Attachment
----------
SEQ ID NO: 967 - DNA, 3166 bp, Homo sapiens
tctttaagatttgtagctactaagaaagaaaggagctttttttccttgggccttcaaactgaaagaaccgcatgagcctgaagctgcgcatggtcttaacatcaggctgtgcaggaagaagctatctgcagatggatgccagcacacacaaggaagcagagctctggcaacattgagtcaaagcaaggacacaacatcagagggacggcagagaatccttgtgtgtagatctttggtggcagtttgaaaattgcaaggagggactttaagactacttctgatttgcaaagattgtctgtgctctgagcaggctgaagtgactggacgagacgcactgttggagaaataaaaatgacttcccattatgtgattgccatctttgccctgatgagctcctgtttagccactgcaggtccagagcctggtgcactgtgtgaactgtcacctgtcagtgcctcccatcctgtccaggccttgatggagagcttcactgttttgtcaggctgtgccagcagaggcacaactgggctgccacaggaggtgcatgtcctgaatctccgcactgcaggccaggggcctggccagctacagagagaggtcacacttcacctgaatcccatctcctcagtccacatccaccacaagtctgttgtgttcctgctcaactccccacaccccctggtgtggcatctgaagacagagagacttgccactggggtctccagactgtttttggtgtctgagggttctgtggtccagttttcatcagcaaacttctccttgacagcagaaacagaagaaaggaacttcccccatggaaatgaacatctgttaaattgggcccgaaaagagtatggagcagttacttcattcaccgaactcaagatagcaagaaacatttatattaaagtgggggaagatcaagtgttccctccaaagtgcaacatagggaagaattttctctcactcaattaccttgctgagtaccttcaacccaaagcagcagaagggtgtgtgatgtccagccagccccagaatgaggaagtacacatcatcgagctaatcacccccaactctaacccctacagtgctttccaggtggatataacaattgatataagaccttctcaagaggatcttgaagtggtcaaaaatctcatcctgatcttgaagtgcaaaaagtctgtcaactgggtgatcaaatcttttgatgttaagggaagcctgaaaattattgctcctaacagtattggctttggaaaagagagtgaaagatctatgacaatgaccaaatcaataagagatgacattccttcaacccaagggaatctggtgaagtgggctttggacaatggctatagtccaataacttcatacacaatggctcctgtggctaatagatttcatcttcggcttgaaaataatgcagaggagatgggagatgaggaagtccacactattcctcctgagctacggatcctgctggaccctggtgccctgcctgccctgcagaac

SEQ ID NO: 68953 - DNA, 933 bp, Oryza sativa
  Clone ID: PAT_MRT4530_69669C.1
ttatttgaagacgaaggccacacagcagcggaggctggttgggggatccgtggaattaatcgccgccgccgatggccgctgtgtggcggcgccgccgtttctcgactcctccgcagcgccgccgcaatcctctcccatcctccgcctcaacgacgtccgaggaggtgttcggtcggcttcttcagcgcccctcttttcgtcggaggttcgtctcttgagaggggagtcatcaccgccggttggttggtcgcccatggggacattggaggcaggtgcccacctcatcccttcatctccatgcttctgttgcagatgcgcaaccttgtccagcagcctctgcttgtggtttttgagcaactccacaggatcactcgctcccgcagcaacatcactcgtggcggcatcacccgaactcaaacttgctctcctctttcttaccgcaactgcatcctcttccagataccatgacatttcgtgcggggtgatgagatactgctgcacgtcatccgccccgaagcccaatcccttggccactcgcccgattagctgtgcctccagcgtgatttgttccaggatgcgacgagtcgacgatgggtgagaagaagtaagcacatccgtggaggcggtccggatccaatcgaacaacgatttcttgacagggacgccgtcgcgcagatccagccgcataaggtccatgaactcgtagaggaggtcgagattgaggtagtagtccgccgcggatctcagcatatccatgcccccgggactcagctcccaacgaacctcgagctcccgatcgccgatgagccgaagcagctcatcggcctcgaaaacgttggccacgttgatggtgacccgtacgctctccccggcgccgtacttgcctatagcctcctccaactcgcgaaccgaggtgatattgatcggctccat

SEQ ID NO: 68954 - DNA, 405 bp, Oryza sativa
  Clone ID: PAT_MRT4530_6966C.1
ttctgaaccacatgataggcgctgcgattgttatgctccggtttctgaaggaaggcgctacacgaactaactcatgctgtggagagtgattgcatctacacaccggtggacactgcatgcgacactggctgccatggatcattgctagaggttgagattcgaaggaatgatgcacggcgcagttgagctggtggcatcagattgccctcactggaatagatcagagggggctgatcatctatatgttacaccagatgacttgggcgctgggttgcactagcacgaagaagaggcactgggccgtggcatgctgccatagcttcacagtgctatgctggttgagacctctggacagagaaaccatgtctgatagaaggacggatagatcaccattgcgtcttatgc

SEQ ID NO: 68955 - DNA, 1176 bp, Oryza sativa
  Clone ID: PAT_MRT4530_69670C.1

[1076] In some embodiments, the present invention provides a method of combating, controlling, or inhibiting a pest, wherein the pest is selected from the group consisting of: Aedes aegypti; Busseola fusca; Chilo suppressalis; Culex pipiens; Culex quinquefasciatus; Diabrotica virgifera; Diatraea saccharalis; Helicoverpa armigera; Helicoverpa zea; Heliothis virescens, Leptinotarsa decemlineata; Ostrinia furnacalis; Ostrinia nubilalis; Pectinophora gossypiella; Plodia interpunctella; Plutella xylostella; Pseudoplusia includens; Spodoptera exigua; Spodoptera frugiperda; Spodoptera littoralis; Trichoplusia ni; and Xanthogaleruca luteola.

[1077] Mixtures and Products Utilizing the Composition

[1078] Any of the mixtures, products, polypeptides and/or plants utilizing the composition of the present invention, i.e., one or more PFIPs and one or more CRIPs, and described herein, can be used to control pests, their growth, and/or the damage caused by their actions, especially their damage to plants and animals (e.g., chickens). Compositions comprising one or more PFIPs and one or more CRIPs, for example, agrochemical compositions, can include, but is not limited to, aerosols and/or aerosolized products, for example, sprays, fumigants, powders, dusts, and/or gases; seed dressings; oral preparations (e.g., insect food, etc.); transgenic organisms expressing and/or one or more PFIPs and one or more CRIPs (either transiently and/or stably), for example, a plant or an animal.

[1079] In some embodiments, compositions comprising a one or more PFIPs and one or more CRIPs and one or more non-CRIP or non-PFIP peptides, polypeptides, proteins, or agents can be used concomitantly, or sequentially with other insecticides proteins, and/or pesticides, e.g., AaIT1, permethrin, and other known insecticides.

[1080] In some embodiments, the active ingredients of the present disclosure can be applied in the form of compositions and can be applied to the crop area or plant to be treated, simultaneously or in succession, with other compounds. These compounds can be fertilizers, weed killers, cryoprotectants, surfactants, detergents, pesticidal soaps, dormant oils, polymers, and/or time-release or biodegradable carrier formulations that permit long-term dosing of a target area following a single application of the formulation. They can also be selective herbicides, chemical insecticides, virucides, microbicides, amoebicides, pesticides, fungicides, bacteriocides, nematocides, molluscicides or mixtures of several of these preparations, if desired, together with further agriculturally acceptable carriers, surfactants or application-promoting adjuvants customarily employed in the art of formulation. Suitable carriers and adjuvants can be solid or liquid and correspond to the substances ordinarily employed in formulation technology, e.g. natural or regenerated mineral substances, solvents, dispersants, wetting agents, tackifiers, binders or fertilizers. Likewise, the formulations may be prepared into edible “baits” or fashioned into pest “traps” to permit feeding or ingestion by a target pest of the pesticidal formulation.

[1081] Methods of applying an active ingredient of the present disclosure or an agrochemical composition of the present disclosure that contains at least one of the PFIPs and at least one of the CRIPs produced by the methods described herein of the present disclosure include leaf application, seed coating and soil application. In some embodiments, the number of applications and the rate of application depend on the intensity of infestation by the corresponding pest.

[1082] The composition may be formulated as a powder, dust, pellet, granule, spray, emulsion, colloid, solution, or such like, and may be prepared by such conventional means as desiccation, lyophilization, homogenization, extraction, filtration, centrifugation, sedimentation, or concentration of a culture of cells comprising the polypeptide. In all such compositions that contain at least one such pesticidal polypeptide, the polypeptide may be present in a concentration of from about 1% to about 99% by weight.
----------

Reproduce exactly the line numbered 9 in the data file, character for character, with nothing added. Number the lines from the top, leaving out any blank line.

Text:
SEQ ID NO: 68955 - DNA, 1176 bp, Oryza sativa